The Jeepster Beach is a resto-mod throwback to the second-generation Jeepster Commando. Back in the late 1960s, the Commando was pretty fancy, with an automatic transmission, a heater, roll-up side windows and a roof, all as standard equipment. This was all pretty posh stuff for a sport utility vehicle back in the day.
At any rate, the mad scientists at Jeep have taken a 1968 Commando and blended it with a modern Jeep Wrangler Rubicon, slapping in a souped up version of the company’s 2.0-liter turbocharged four-cylinder engine with 25 percent more power than the production version. We’re talking 340 horsepower and 369 lb.-ft. of torque here, people. To make cruising on the soft sand a bit easier, the Jeepster Beach is outfitted with 35-inch tires, but beyond the larger shoes there aren’t too many extra off-road goodies.
Designers chose a modern dash and switchgear for the resto mod concept.
Instead the designers concentrated on aesthetics and painted the Jeepster Beach a lovely two-tone, Hazy IPA and Zinc Oxide. Thankfully, they’ve left all the original chrome intact.
Unfortunately, there is nothing original about the interior. Sure, the seats look pretty vintage but the dash and switchgear are all modern. I’m fine with keeping modern amenities, but I still want the interior of my resto-mod to look old-school. Because of that, I’m not sure this concept is a winner.
The Orange Peelz concept pays homage to those who love a customized Jeep.
Jeep Orange Peelz
The Jeep Orange Peelz concentrates on design and customization. I love that the side and rear windows are gone entirely while the doors are cut in half and the top features a removable glass sunroof.
The Orange Peelz paint is a bit brighter than the Nacho paint color currently available on production Jeeps. The shade is highlighted by some black striping around the beltline and vintage badging. Inside, the lumberjack feel of the Red Bare concept makes an appearance, this time with orange and black plaid seats and armrests.
The powertrain here is the stock 3.6-liter V6 and like other concepts, Orange Peelz rides atop on a 2-inch lift, rock rails and sports a Warn winch. Upgraded Fox shocks are here, as are 37-inch BF Goodrich mud-terrain tires. The front gets auxiliary lights and the rear gets an upgraded spare tire carrier for the larger tire.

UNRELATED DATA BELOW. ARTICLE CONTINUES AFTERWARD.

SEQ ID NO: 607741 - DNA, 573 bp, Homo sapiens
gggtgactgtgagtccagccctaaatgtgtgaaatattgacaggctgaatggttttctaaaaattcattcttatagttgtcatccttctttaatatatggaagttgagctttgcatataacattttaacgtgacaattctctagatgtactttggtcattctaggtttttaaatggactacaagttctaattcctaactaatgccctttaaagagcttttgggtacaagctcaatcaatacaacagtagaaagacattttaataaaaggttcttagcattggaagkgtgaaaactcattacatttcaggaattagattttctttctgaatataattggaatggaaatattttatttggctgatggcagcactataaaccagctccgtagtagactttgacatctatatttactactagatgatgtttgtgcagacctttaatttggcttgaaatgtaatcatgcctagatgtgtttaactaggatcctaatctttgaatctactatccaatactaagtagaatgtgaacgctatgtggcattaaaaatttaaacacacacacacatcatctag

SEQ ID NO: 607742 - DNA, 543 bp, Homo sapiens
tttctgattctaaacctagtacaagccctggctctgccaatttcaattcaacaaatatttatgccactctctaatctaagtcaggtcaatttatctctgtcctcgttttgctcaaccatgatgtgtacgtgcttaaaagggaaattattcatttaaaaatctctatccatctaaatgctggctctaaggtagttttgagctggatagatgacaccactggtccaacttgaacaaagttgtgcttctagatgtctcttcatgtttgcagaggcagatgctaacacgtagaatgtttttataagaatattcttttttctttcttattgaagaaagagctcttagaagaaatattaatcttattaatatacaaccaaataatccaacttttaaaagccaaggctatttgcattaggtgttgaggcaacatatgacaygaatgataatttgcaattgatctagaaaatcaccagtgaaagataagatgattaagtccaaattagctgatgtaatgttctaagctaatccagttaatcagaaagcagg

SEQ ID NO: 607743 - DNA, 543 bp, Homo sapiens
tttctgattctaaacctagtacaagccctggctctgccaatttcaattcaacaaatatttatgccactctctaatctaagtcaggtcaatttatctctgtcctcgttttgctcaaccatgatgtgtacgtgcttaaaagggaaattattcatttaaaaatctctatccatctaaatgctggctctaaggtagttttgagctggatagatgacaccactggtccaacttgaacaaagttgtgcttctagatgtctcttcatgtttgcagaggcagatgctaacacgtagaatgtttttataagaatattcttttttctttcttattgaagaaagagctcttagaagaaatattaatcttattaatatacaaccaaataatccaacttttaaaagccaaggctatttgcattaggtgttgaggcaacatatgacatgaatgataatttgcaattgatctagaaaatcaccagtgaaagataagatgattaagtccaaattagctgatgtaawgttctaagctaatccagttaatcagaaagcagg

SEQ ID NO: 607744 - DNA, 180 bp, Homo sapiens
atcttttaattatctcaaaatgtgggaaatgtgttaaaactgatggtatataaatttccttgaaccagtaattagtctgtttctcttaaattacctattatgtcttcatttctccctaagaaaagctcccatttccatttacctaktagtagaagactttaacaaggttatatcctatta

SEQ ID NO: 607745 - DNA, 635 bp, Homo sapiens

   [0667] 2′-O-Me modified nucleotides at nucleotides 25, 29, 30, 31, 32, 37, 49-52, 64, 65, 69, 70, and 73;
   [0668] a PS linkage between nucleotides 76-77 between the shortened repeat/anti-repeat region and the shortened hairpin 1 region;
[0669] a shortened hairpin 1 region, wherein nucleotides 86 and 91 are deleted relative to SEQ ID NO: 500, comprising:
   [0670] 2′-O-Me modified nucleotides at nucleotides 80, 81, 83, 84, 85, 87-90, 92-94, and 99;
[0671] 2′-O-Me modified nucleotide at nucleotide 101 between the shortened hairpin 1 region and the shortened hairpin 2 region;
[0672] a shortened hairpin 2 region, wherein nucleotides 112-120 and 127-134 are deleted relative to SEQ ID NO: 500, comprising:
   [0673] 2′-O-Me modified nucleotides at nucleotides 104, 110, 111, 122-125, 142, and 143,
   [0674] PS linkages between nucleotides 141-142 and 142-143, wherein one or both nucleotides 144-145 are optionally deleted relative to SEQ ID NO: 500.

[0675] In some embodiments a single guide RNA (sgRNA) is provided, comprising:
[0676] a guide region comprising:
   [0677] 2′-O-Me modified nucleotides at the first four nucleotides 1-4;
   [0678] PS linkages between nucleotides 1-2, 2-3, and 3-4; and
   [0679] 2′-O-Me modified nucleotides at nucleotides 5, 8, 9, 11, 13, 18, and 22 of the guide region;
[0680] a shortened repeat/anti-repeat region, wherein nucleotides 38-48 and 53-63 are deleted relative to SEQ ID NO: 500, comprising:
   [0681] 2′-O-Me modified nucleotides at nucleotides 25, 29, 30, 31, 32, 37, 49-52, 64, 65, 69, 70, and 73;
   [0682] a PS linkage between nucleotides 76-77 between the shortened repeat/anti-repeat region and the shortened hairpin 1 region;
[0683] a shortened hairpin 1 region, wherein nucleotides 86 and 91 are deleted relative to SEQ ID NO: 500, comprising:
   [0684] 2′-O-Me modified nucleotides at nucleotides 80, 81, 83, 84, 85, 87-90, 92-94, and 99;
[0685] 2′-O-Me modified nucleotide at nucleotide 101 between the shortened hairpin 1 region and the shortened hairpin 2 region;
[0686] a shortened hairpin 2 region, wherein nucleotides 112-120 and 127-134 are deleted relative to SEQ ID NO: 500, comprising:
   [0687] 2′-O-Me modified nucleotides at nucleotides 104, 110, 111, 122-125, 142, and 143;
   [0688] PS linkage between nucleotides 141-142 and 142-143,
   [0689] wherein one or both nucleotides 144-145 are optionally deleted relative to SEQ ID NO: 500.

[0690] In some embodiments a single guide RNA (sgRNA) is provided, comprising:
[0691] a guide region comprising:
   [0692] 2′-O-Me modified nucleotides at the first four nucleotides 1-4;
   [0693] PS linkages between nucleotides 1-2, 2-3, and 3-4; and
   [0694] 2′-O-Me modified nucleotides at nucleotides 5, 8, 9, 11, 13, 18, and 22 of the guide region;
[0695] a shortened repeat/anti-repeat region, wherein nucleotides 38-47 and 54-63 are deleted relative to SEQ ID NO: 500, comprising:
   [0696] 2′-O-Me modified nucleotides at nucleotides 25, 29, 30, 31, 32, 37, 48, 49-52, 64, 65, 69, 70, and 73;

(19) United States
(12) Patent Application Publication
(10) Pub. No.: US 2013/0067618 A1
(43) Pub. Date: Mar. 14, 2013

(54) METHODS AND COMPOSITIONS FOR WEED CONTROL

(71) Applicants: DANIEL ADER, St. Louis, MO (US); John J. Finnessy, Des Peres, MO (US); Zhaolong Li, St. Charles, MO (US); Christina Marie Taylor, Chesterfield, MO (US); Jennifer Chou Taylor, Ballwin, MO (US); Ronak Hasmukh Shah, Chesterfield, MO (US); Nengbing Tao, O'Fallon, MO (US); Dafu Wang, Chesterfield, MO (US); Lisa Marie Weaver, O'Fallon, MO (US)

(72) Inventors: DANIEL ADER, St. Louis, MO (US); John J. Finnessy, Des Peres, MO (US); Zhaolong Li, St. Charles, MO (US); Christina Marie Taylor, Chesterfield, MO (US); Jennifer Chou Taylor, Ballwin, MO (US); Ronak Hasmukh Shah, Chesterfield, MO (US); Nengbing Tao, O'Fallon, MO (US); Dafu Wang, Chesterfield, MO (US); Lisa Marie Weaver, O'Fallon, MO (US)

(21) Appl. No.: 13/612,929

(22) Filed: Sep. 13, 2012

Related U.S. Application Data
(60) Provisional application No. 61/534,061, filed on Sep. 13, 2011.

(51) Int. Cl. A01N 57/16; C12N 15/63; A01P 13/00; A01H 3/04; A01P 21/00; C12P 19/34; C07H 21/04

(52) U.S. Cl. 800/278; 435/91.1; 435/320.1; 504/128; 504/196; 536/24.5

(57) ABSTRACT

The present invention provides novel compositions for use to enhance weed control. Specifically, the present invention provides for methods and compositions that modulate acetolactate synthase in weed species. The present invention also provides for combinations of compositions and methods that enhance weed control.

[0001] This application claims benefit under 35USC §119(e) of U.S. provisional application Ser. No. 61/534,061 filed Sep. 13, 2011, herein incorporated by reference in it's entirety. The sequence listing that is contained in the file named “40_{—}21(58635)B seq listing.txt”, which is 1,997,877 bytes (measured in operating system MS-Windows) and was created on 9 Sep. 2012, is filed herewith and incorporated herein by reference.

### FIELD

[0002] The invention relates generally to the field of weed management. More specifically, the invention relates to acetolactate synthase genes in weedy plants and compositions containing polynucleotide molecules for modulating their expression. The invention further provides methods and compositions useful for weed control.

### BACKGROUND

Overlanding, Jeep style with the Farout concept.
The Jeep Farout concept is an overlanding rig that builds on the Wayout concept from 2019. It was supposed to debut at Easter Jeep Safari last year, but the coronavirus took care of that, and we first saw pics of it last August. Regardless, the Farout takes a diesel Gladiator and slaps a really nice tent on the roof. At 16 feet long and 7.5 feet tall, the tent can conceivably sleep four people.
The Farout’s exterior gets a swanky gray paint job with chartreuse trim (that’s lime green for those of you not up to your Pantone color swatches). The interior again gets plaid seat inserts — what’s going on with the plaid this year? — and plenty of wood trim. For your overlanding convenience, there is a built-in table along with places to hang storage racks and a refrigerator and stove.
Capabilities are helped along with, what else, a 2-inch lift, 37-inch mud-terrain tires, a Warn winch, rock rails and Fox shocks.
Jeep Top Dog
Other concepts that Jeep is trotting out at Easter Jeep is the mountain-bike themed Jeep Top Dog. This concept was originally made for last year’s SEMA show, but again, the pandemic had other ideas. The coolest thing about the Top Dog? It has a built-in hot-dog griller.
Jeep will also bring its V8-powered Wrangler 392 Concept, which has since morphed into an actual production vehicle — an expensive one, at that. The 6.4-liter V8 monster is good for 470 horsepower and 470 pound-feet of torque, scooting from 0 to 60 mph in just 4.5 seconds. Yowza.